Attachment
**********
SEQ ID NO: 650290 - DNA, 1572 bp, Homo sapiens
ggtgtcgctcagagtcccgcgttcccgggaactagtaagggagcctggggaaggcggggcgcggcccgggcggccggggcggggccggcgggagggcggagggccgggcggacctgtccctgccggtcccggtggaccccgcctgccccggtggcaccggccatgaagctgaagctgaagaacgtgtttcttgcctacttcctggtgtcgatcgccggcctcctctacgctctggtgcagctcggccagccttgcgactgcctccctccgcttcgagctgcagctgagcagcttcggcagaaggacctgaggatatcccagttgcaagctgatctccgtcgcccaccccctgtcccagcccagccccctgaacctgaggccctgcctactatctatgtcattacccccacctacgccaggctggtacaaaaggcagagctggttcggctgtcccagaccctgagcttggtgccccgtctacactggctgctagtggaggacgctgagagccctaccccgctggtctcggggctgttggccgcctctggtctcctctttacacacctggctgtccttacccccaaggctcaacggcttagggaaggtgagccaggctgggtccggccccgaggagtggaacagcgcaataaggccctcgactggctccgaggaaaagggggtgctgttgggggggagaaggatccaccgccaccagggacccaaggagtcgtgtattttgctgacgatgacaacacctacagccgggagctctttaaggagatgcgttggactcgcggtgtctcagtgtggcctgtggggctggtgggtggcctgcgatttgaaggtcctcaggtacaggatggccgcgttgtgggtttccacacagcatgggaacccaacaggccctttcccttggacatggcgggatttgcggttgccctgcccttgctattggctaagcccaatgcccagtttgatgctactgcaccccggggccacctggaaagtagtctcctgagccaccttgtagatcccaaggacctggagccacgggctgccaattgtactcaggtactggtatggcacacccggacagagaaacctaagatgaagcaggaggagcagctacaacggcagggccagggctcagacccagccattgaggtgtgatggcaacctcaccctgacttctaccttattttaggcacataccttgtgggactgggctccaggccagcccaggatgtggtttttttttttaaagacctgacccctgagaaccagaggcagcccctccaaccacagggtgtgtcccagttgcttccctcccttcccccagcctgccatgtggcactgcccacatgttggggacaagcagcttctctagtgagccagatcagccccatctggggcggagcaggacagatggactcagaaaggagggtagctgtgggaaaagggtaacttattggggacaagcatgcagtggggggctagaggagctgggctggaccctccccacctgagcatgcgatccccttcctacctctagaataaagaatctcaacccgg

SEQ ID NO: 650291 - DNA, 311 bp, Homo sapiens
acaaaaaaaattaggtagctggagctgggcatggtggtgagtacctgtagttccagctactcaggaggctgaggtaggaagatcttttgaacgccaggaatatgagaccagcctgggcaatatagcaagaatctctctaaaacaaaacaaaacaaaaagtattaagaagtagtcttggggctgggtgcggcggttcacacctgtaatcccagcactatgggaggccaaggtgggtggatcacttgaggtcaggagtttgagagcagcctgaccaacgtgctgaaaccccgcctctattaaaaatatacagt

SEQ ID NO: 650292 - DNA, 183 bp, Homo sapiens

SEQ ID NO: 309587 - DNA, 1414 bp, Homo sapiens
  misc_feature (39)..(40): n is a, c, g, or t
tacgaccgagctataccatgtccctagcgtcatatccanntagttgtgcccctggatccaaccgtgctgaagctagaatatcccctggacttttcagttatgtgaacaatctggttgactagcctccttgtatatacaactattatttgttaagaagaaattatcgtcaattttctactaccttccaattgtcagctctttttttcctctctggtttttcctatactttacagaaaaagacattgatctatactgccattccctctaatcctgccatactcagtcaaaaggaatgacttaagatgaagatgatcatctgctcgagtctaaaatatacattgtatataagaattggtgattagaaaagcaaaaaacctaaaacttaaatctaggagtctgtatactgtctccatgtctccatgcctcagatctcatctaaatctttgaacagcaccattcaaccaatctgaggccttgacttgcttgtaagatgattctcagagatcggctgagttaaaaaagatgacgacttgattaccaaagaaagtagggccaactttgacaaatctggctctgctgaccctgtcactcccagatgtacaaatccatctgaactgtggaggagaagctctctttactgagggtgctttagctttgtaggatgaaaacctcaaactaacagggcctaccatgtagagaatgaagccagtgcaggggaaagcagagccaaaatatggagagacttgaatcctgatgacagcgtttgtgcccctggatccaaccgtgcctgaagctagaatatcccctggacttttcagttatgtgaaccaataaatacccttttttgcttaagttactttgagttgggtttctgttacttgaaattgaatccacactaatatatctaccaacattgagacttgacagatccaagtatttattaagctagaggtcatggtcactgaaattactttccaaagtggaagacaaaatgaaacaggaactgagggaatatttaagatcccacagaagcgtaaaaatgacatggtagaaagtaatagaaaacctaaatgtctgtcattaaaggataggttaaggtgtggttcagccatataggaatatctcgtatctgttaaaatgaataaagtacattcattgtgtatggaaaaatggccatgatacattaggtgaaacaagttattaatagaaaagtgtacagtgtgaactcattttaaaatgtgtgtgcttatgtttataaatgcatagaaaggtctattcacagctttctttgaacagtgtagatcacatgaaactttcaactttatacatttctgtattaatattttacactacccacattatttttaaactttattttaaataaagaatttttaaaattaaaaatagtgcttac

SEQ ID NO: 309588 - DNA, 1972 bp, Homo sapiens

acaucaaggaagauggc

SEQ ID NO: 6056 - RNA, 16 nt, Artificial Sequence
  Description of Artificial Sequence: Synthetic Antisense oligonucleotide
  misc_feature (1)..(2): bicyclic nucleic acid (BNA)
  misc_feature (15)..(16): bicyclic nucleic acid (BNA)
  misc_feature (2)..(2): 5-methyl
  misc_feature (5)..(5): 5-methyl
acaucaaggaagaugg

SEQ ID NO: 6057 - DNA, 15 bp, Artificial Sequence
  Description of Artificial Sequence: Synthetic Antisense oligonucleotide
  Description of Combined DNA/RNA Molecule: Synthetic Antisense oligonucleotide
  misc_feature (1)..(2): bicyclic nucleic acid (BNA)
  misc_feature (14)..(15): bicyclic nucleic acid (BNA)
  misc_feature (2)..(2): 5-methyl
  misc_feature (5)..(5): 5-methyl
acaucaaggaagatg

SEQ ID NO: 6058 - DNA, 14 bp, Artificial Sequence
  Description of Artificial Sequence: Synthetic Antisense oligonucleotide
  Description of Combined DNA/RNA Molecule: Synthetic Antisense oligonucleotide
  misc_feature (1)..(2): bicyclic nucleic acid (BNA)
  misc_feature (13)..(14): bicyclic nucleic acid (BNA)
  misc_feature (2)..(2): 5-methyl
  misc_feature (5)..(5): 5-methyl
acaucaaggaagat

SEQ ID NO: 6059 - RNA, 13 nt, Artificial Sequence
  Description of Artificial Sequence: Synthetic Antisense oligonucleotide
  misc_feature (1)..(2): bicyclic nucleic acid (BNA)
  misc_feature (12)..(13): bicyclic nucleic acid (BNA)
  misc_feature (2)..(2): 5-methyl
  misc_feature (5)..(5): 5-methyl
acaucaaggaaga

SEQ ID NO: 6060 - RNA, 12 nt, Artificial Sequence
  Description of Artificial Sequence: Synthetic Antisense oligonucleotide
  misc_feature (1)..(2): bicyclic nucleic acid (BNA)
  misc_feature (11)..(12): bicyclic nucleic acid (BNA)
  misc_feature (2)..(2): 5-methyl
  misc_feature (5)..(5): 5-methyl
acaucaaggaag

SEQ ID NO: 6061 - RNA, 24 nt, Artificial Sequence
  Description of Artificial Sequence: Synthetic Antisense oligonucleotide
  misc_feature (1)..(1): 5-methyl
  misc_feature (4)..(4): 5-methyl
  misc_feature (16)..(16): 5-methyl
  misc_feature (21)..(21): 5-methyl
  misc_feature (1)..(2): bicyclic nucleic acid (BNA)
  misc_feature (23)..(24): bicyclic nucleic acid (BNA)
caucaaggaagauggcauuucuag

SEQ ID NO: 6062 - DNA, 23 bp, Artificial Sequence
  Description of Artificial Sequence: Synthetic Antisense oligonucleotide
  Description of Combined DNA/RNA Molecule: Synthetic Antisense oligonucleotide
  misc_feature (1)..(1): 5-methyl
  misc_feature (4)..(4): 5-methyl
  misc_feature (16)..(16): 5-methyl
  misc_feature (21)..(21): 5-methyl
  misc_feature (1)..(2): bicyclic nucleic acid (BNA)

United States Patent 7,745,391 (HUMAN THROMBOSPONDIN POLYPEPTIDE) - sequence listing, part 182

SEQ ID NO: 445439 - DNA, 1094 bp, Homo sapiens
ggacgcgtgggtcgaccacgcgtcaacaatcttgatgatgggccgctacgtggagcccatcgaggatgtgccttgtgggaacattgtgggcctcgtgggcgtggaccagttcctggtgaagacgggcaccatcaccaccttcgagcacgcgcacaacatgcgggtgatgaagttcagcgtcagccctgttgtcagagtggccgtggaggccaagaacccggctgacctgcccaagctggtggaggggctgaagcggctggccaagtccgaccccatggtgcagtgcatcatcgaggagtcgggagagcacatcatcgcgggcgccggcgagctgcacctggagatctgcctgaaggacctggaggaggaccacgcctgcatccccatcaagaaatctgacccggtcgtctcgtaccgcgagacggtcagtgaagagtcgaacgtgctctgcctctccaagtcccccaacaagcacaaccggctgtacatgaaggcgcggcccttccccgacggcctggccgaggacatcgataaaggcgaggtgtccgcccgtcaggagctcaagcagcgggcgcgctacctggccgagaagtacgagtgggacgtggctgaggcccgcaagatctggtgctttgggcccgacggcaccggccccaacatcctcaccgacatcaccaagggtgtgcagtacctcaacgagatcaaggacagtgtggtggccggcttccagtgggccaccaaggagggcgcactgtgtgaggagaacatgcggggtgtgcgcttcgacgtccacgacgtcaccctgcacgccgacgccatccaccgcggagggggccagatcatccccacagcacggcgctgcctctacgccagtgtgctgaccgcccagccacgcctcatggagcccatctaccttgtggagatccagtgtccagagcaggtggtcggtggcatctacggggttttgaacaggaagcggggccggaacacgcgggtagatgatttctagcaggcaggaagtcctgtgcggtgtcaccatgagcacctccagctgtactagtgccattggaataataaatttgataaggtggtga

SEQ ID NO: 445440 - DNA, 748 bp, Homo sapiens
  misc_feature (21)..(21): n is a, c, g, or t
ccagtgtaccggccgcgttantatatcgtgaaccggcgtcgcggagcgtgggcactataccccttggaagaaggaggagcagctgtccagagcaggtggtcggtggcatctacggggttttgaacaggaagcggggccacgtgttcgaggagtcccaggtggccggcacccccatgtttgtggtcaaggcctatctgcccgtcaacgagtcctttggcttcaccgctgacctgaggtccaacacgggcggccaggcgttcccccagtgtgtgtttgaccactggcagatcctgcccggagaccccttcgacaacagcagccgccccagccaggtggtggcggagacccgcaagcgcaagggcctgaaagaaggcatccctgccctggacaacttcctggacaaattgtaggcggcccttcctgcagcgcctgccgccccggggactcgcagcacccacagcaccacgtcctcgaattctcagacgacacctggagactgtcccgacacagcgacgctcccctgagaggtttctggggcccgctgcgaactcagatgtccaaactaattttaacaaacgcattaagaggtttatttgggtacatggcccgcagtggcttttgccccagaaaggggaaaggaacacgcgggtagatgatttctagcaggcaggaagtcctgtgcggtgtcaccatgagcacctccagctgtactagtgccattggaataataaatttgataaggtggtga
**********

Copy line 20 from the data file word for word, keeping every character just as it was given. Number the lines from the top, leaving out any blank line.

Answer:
  Description of Combined DNA/RNA Molecule: Synthetic Antisense oligonucleotide